Wayne and I decided hell no, we did not want to stay in Santa Marta again. We tried to find a place by Tayrona or in Palomina, but everything was full. We gave up. Taganga it was.
The first night, I was so excited to have a real bed, shower, etc. We checked into the Bayview Hotel and I thought I went back in time to the Soviet Era. The next morning on my run, I found the glorious Bahia Taganga up in the cliffs with amazing ocean views. I booked it and we were quickly relocated in a stylish, comfortable room with ocean views, the pool just below us, and lots of jugo de maracuya below us. We were set.
We decompressed the first day, dealing with emails, sorting through clothes, reading, relaxing by the pool. We wandered around the town, and I bought some jewelry for friends, and Wayne finally found a wooden pasta fork to replace my giant one that he stuck in the blender a while back. (I have never forgiven him for this bizarre action, mainly because we couldn’t find wooden pasta forks anywhere.)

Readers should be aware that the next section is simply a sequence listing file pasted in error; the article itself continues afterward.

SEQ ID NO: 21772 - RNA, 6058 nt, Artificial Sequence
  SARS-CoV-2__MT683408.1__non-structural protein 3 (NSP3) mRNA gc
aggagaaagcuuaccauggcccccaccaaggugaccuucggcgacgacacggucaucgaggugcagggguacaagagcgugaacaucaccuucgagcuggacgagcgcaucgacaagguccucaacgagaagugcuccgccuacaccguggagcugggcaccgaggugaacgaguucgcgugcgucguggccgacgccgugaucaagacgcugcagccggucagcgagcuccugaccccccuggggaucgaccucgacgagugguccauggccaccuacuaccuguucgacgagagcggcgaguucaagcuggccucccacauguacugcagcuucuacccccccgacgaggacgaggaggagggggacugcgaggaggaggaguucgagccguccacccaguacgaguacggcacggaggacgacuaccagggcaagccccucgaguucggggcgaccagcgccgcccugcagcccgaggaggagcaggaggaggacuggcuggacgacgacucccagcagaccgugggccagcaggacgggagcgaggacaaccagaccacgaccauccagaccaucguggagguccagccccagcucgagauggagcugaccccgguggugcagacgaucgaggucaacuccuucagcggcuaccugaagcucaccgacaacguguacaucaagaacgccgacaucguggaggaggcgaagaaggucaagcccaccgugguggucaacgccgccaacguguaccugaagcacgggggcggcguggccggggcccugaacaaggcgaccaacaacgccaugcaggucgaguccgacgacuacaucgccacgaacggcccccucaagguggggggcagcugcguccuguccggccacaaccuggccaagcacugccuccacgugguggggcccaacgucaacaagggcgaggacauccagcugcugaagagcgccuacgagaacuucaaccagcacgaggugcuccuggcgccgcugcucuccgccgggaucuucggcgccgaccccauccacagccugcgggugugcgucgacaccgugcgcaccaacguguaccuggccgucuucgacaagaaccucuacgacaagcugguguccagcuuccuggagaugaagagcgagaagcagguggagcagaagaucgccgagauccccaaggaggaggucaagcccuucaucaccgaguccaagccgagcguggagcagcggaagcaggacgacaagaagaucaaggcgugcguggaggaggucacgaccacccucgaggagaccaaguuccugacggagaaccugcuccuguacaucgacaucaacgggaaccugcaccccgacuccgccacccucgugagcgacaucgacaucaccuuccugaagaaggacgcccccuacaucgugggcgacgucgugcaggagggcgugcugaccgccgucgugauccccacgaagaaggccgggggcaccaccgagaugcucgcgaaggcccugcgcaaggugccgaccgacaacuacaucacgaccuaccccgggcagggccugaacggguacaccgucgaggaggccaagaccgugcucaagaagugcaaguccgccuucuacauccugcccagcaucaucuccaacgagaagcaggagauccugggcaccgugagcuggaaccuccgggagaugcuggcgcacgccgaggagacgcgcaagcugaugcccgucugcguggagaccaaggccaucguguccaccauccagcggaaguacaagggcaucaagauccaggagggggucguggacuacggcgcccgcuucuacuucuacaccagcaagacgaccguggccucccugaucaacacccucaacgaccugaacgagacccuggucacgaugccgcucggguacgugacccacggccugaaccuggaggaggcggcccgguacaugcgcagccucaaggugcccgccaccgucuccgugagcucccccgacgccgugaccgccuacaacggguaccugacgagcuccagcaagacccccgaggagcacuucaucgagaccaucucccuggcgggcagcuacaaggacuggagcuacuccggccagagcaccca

New Years Eve had us going on the most terrifying boat ride of our lives. Bump, splash. My camera is now destroyed from this ride. I dug my nails into Wayne’s hand and leg, and the guy next to me was so petrified, he was clutching one of his friend’s legs and had his foot wrapped around mine for stability. So scary. I was almost crying at times.
We got back, somewhat shell-shocked, and showered. We found some food, then took a nap. We celebrated the New Year on the beach with Sherry and Steve and some other hikers, and a bunch of rum.
The morning had us relaxing by our pool. The town of Taganga is a bit dirty. People warned us it was overrun with Israeli backpackers but I really didn’t notice any Israelis at all. There were a lot of Colombians and some other gringos, but lots of drinking, dirty beaches, crowds. There were a variety of different restaurants, wonderful arepa vendors on the street, tons of fresh juice stands (Mmmmmmmm), aggressive vendors. We spent a lot of time in our room, sitting on the balcony, reading, relaxing. Yes, we’re traveling, but sometimes you need to escape even the traveler’s world.